Max Landis Invites Readers to Be Surprised by 'Green Valley'

The fantasy comic from Robert Kirkman's Skybound Entertainment and Image Comics is released digitally and in print today.
Guiseppe Camuncoli/Image Comics

If you think you know what to expect from Max Landis, prepare to be surprised.

The latest project from the Chronicle and American Ultra screenwriter is Green Valley — a comic book published by Skybound Entertainment, the Image Comics imprint of The Walking Dead's Robert Kirkman. Taking place in ancient times, the nine-issue series follows the fading fortunes of the finest knights from Kelodia, who have stood together and beaten all challenges … only for them to discover that the world doesn't necessarily behave the way they've always believed.

With art from Giuseppe Camuncoli and Cliff Rathburn, with colors from Jean-Francois Beaulieu, Green Valley debuts in comic book stores today. Heat Vision talked to Landis about the project's origins, unexpected influences and the joy of playing with expectations.

Green Valley might throw a lot of people off guard, because it's not what many people would expect from a Max Landis project. A story about historical knights that quickly heads in a direction that no one expects from the opening pages isn't the most obvious from the man behind Chronicle and Superman: American Alien. Is this where we find out you've always wanted to tell a fantasy epic all along?

Without spoiling anything, Green Valley came from where a lot of my ideas came from — I get a very specific image in my head, and I try to think "Where has that image been? Where has that image been used, what kind of story does that image fit in?" And the image that came into my head for Green Valley, I assumed had been done a million times, and I actually thought I was remembering it. I thought I was remembering it from something I'd seen, I was that sure it'd been done. So I did Google Image searched it, and it hadn't! I continually Google Image searched this particular combination of words, and nothing came up, and I thought, 'Oh, I have to write a story where this happens.' And the image doesn't happen until, I think, issue seven! I built everything around that one image in my head.

Despite that origin — and also the great visuals from Camuncoli and Rathburn — Green Valley feels more intimate than something based purely on spectacle. The first issue feels like a very human story.

Most of my stories start with an image, but to me, the bulk of what I write is making those images mean something. For me, I think, 'That's such a great image, so what does that image mean?' Every bit of work I do is trying to make it that, when you finally see the image that spawned the story, you don't just see it with your eyes, you feel it inside you. It's counter-intuitive, but by the time you see the image that spawned Green Valley, I need you to care. I need you to go, "oh shit." You can't do that if you don't care about the people, so I need to make you care about the people before that.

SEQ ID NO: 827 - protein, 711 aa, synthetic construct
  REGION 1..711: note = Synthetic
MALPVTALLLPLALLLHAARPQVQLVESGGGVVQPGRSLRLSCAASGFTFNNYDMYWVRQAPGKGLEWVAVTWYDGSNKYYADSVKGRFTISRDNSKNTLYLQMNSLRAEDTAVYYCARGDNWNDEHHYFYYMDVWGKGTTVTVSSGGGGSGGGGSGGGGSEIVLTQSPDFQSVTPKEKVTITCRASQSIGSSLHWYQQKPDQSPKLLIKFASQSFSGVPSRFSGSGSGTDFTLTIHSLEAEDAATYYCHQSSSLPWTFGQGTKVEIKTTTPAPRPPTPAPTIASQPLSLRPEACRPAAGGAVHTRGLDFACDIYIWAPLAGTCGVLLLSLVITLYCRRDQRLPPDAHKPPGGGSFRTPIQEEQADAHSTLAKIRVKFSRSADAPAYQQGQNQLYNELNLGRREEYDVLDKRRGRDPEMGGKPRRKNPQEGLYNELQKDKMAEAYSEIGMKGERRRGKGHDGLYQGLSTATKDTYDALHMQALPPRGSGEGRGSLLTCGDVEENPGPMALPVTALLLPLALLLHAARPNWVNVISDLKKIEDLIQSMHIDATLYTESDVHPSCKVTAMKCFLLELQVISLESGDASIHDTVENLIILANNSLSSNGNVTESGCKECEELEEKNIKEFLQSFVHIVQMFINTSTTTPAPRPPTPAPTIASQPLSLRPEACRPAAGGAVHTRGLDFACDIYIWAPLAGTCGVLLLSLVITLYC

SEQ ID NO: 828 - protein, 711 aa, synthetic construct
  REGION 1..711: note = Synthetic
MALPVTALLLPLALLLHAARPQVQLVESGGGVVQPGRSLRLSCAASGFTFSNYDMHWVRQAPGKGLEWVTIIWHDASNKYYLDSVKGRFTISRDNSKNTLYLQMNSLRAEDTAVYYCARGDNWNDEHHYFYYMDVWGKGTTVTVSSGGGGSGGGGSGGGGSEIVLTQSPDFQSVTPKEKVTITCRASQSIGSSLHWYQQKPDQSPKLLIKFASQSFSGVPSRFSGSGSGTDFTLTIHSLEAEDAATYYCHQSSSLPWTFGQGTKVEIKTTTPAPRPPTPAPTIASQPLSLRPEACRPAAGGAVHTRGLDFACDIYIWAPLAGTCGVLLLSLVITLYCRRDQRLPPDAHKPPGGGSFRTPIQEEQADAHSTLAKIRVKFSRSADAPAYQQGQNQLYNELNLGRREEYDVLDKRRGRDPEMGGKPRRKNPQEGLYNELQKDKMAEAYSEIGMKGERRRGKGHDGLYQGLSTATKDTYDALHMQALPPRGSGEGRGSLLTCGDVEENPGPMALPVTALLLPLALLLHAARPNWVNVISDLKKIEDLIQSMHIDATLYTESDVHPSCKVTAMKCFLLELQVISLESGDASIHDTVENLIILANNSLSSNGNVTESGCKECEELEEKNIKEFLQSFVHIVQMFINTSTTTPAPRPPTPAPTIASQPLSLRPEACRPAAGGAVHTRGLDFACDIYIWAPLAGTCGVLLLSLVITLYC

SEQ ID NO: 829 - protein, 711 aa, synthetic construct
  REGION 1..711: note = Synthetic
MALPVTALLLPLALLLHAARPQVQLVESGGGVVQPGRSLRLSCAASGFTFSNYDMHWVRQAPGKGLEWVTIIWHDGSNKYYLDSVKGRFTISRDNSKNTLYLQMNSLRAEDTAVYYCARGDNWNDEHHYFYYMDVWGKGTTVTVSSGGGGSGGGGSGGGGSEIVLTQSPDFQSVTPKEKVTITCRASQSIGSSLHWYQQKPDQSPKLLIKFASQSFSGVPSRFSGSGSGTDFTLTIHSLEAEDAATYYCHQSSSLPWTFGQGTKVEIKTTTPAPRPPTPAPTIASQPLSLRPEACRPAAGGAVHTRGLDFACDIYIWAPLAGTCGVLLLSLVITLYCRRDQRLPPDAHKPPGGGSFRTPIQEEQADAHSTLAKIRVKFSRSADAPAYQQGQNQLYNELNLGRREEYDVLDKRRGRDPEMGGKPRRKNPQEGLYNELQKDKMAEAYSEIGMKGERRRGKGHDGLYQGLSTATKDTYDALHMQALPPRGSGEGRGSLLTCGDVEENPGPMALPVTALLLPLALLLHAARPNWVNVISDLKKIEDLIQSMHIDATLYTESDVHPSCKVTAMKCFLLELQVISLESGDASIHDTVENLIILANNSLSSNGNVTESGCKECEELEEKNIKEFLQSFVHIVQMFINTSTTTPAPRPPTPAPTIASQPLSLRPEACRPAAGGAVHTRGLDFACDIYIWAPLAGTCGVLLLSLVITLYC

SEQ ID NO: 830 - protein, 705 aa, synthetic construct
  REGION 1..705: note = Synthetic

By the end of the series, you'll see that all of Green Valley is about loss, and moving on, and being trapped in the past and by decisions you've made. That was my mission statement from the first page, when you see the characters on top of the world, looking at the barbarian horde like they're a joke — from day one, these guys are going to make some kind of mistake. All of Green Valley, everything that comes from then on whether it's comedic or dramatic, or as you'll see in future issues, things get kinda weird, it all comes from decisions they made that have an echo that goes through the rest of their lives.

Now I'm imagining you writing the opening of the first issue, with the jokes and the derring-do, gleefully knowing that you're about to pull the rug out under everyone. Is it fun preparing to mess with the audience's head like that?

[Laughs] It's the best feeling in the world. It's like architecture, you know? You set something up, and when you know you've done it just right, there's real catharsis in that.

This really isn't what many would expect from you, but there are familiar touchstones in there…

I would say a really, really huge influence, although it hasn't shown its face yet in the first issue, is Terry Gilliam. Another really big one is Rod Serling. I would say, if anything, Green Valley evolves and changes in a way that's very evocative of The Twilight Zone, in that it uses a steadily increasingly strange situation to tell an emotional story. Honestly, Gilliam and Serling are the two I would lead the hardest into because of the type of things the characters are going to go through.

It's interesting that you mention Gilliam because there is a Monty Python feeling at times — and a Blackadder reference at one point, as well. You're obviously working on the Dirk Gently TV show right now, so what is it about British comedy that you find bleeds into your work?

I really find that, if you play good British comedy right — and I do think of Green Valley as British, because they're f—ing knights — if you play Brit comedy right, there's one way you can play it as so dark and brutal, like you see in the first issue. But there's another way you can play it where it's so charming and lovely, and I really dip into both of those in Green Valley. I want you to think that these are just blokes. You want to hang out with them! You want to spend time with these guys. But as the series goes on, you'll see more of the dark, cringe-y, very stiff, world. That's the best-case scenario.

Without spoiling things, what lies ahead in Green Valley? How dark are things going to get for the knights of Kelodia?

Ultimately, the story is about time. How time can make wounds in you worse, or it can heal things. And the worst thing a human can do is to live in the past. Everything in Green Valley stems from that idea.